I returned home from Italy on a Sunday but by Tuesday afternoon I’d developed a splitting headache. I began to feel worse in the evening, so I checked my temperature and realised I had a slight fever. I called my doctor and he advised me to go to the hospital.
So, wearing my own mask, I took myself to the General University Hospital of Thessaloniki. I explained my symptoms and where I’d been, then they tested me. The first feeling that took a hold of me was fear. I was thinking of my health, the consequences for my nine-year-old son, my friends and family, and all the people I had been in contact with. These thoughts brought me to my knees and filled me with anxiety, guilt, but also great responsibility. I cried thinking what will happen to those people. Not knowing much about the virus, I felt like I was walking in the desert with no direction. When the test came back positive, the doctors told me that I had to be put in a negative-pressure isolation chamber immediately.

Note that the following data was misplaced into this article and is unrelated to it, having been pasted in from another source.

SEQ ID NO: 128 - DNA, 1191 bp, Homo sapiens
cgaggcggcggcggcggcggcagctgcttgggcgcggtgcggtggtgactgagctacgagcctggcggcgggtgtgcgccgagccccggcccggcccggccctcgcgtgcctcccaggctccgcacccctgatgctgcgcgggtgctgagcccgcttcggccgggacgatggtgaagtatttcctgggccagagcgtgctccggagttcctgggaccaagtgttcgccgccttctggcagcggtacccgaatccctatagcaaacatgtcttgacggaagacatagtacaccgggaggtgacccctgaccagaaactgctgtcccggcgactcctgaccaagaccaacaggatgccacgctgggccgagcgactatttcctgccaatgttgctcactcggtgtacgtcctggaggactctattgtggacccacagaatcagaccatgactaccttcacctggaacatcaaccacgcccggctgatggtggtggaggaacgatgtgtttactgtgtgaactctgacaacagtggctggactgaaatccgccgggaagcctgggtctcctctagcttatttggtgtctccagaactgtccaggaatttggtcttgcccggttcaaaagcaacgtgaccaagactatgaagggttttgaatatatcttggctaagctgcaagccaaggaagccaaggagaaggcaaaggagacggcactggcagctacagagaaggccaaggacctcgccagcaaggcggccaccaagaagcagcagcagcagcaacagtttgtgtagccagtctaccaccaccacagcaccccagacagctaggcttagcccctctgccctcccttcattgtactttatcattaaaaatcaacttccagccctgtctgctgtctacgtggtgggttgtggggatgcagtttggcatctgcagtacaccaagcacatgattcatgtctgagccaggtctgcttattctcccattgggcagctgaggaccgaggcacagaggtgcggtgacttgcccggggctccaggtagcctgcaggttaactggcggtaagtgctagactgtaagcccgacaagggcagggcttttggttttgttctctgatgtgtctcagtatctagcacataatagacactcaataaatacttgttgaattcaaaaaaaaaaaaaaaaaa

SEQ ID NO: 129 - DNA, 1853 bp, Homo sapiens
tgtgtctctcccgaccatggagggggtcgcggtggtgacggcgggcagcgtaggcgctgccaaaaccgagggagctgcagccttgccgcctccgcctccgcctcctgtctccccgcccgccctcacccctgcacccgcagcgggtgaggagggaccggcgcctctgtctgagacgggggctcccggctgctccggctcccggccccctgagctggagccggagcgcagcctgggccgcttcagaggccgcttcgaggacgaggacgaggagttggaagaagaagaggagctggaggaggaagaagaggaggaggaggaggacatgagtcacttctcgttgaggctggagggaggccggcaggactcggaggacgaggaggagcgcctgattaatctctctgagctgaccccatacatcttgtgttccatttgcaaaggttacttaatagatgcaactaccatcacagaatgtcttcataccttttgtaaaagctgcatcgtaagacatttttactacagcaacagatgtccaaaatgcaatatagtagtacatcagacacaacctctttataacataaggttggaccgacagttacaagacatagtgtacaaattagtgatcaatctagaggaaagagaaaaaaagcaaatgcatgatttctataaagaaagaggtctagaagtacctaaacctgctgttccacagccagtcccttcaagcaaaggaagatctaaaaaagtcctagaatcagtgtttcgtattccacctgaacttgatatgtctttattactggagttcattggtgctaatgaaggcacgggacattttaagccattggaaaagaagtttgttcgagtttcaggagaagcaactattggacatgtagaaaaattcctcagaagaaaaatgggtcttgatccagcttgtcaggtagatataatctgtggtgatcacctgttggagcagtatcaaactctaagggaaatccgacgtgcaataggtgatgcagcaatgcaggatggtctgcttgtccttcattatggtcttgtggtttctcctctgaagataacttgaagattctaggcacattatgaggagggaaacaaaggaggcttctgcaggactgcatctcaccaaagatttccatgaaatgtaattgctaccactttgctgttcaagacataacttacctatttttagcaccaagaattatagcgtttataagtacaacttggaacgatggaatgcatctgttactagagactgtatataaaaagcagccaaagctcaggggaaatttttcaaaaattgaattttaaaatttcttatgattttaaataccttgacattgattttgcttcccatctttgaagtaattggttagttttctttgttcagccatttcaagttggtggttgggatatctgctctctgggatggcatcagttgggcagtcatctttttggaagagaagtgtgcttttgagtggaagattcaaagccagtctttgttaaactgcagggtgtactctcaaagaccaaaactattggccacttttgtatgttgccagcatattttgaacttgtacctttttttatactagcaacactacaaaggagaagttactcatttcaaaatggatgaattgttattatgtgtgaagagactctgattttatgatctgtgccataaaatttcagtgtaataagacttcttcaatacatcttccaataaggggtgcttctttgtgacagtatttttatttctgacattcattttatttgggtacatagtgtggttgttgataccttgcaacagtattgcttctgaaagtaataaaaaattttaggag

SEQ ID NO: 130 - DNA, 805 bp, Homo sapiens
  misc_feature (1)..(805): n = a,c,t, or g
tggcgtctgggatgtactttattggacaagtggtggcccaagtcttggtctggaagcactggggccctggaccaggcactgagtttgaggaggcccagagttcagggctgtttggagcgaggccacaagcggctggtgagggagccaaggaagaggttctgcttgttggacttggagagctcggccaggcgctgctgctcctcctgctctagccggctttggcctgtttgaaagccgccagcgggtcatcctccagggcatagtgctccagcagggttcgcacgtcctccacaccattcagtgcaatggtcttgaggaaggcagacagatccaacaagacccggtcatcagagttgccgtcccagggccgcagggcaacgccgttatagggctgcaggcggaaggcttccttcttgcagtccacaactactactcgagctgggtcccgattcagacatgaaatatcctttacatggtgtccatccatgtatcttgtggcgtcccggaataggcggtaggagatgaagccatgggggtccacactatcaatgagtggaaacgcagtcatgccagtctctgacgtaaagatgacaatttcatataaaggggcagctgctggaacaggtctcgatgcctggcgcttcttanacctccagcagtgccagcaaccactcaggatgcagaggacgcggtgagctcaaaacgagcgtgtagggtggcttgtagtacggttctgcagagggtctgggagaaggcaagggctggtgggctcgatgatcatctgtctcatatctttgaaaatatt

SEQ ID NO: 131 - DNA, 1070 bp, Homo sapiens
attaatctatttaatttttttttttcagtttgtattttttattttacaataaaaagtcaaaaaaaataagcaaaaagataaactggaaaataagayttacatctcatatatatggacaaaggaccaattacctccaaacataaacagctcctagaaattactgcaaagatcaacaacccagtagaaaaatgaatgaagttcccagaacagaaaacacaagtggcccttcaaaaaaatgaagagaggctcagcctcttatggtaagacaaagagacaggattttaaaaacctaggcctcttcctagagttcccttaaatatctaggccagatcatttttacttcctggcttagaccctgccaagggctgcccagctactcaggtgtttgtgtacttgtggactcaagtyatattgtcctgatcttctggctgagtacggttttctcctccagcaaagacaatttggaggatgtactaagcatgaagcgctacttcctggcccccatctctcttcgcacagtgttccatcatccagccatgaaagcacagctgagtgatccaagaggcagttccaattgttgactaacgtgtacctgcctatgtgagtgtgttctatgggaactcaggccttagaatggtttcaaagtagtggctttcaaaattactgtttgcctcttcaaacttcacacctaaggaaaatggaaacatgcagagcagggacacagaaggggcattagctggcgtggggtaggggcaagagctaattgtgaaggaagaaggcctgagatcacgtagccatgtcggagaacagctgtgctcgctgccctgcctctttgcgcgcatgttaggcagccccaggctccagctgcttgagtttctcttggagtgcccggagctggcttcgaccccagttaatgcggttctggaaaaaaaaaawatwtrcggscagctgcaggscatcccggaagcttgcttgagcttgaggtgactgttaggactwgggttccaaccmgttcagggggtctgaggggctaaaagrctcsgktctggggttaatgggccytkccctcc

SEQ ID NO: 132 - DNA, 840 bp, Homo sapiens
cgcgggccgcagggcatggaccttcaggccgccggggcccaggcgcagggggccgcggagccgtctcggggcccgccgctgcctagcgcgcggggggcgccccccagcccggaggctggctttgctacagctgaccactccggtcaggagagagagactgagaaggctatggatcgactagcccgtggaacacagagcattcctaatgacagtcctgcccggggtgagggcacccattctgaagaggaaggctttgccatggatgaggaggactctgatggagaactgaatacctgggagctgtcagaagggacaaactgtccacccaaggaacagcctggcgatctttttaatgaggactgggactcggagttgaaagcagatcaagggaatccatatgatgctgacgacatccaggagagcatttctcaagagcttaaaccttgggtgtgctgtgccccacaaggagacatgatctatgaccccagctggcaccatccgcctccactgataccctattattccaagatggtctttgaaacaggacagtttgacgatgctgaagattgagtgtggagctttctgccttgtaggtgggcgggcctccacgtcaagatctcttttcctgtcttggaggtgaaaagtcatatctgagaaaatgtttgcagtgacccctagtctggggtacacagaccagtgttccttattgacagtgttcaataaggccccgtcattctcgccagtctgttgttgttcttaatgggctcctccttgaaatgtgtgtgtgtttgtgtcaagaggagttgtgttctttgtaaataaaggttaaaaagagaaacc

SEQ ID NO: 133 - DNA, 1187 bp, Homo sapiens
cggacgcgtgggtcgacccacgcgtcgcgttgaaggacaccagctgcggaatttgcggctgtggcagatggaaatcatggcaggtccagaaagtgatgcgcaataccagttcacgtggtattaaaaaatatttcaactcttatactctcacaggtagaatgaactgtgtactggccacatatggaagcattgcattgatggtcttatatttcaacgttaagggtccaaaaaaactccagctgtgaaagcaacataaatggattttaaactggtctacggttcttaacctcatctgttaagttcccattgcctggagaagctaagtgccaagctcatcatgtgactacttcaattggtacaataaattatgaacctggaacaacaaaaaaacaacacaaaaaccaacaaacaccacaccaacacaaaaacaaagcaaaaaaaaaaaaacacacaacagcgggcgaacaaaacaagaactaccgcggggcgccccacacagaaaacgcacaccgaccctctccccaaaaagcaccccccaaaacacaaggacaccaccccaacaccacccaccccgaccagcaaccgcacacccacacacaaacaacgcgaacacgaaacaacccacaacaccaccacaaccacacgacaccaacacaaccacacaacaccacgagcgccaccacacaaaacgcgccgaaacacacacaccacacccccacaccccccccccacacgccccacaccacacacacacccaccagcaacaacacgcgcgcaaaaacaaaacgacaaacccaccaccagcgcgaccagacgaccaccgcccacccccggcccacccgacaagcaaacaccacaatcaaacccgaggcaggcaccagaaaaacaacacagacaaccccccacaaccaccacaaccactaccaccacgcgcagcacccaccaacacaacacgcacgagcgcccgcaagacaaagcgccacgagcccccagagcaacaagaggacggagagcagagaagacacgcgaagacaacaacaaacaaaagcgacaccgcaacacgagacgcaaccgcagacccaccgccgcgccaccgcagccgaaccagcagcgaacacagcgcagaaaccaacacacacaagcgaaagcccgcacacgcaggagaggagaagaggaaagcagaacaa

My son was tested and I was told he had to join me in the chamber. It was a life-changing experience. All I could think about was how hard it would be for a nine-year-old to stay isolated for so many days. I didn’t want my child to know exactly what was going on, and be worried about what may happen. Although I felt a great amount of pressure to make the experience bearable for him, my friends and family were amazing with their encouragement during that time. I was lucky to have their support, but of course, there were people who blamed me for bringing COVID-19 to Greece, which made me sad and perplexed.
When we finally left the hospital, I walked to my car and looked up towards the sky and said, "Thank you". If there’s one thing positive that can come out of this, I think it’s an opportunity to value and your life.
This article originally appeared on marie claire UK.